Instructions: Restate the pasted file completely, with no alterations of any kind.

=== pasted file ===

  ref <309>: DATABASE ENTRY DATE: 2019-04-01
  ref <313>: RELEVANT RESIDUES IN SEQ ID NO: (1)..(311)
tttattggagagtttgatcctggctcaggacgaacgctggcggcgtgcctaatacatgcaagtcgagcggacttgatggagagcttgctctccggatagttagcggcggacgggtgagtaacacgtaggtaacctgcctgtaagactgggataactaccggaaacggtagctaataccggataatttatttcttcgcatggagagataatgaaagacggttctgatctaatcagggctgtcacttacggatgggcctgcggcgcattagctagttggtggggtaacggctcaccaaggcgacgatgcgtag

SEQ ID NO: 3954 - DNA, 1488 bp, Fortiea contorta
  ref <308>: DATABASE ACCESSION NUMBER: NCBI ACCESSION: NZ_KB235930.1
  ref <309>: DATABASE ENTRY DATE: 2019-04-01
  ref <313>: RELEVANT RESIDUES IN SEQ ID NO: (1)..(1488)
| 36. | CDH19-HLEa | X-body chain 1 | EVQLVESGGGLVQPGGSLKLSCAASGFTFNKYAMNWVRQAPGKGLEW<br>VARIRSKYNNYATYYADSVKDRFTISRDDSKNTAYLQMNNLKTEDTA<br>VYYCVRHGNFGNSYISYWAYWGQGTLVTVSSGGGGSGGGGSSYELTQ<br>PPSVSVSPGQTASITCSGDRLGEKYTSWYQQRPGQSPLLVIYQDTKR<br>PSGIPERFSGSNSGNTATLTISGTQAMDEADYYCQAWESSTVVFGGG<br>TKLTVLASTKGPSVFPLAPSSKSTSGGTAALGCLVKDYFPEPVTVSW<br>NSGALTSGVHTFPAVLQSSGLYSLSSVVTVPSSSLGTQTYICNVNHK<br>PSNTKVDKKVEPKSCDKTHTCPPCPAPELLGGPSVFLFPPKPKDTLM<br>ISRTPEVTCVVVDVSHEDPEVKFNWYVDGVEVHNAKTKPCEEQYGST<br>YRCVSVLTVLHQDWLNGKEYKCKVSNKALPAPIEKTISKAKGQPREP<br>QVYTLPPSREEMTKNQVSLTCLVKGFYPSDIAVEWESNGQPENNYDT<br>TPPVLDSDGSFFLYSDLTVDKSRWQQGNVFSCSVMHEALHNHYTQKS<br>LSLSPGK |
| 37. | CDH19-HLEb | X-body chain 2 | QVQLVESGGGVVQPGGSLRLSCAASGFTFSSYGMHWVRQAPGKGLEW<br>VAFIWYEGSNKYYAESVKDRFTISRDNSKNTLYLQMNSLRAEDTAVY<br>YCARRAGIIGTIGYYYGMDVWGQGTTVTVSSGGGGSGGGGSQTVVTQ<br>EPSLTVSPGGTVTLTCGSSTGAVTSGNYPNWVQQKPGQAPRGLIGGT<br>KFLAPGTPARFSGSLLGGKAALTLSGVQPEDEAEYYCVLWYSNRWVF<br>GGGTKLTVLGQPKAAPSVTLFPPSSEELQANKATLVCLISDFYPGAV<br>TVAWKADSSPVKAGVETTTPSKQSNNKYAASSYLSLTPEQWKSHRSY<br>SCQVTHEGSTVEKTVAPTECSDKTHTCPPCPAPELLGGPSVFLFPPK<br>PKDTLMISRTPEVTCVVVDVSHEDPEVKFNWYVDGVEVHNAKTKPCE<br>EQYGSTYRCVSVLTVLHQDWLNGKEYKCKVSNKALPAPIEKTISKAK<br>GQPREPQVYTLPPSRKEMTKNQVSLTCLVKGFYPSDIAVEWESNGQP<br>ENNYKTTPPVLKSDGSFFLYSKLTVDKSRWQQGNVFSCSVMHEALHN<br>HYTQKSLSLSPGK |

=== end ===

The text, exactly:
  ref <309>: DATABASE ENTRY DATE: 2019-04-01
  ref <313>: RELEVANT RESIDUES IN SEQ ID NO: (1)..(311)
tttattggagagtttgatcctggctcaggacgaacgctggcggcgtgcctaatacatgcaagtcgagcggacttgatggagagcttgctctccggatagttagcggcggacgggtgagtaacacgtaggtaacctgcctgtaagactgggataactaccggaaacggtagctaataccggataatttatttcttcgcatggagagataatgaaagacggttctgatctaatcagggctgtcacttacggatgggcctgcggcgcattagctagttggtggggtaacggctcaccaaggcgacgatgcgtag

SEQ ID NO: 3954 - DNA, 1488 bp, Fortiea contorta
  ref <308>: DATABASE ACCESSION NUMBER: NCBI ACCESSION: NZ_KB235930.1
  ref <309>: DATABASE ENTRY DATE: 2019-04-01
  ref <313>: RELEVANT RESIDUES IN SEQ ID NO: (1)..(1488)
| 36. | CDH19-HLEa | X-body chain 1 | EVQLVESGGGLVQPGGSLKLSCAASGFTFNKYAMNWVRQAPGKGLEW<br>VARIRSKYNNYATYYADSVKDRFTISRDDSKNTAYLQMNNLKTEDTA<br>VYYCVRHGNFGNSYISYWAYWGQGTLVTVSSGGGGSGGGGSSYELTQ<br>PPSVSVSPGQTASITCSGDRLGEKYTSWYQQRPGQSPLLVIYQDTKR<br>PSGIPERFSGSNSGNTATLTISGTQAMDEADYYCQAWESSTVVFGGG<br>TKLTVLASTKGPSVFPLAPSSKSTSGGTAALGCLVKDYFPEPVTVSW<br>NSGALTSGVHTFPAVLQSSGLYSLSSVVTVPSSSLGTQTYICNVNHK<br>PSNTKVDKKVEPKSCDKTHTCPPCPAPELLGGPSVFLFPPKPKDTLM<br>ISRTPEVTCVVVDVSHEDPEVKFNWYVDGVEVHNAKTKPCEEQYGST<br>YRCVSVLTVLHQDWLNGKEYKCKVSNKALPAPIEKTISKAKGQPREP<br>QVYTLPPSREEMTKNQVSLTCLVKGFYPSDIAVEWESNGQPENNYDT<br>TPPVLDSDGSFFLYSDLTVDKSRWQQGNVFSCSVMHEALHNHYTQKS<br>LSLSPGK |
| 37. | CDH19-HLEb | X-body chain 2 | QVQLVESGGGVVQPGGSLRLSCAASGFTFSSYGMHWVRQAPGKGLEW<br>VAFIWYEGSNKYYAESVKDRFTISRDNSKNTLYLQMNSLRAEDTAVY<br>YCARRAGIIGTIGYYYGMDVWGQGTTVTVSSGGGGSGGGGSQTVVTQ<br>EPSLTVSPGGTVTLTCGSSTGAVTSGNYPNWVQQKPGQAPRGLIGGT<br>KFLAPGTPARFSGSLLGGKAALTLSGVQPEDEAEYYCVLWYSNRWVF<br>GGGTKLTVLGQPKAAPSVTLFPPSSEELQANKATLVCLISDFYPGAV<br>TVAWKADSSPVKAGVETTTPSKQSNNKYAASSYLSLTPEQWKSHRSY<br>SCQVTHEGSTVEKTVAPTECSDKTHTCPPCPAPELLGGPSVFLFPPK<br>PKDTLMISRTPEVTCVVVDVSHEDPEVKFNWYVDGVEVHNAKTKPCE<br>EQYGSTYRCVSVLTVLHQDWLNGKEYKCKVSNKALPAPIEKTISKAK<br>GQPREPQVYTLPPSRKEMTKNQVSLTCLVKGFYPSDIAVEWESNGQP<br>ENNYKTTPPVLKSDGSFFLYSKLTVDKSRWQQGNVFSCSVMHEALHN<br>HYTQKSLSLSPGK |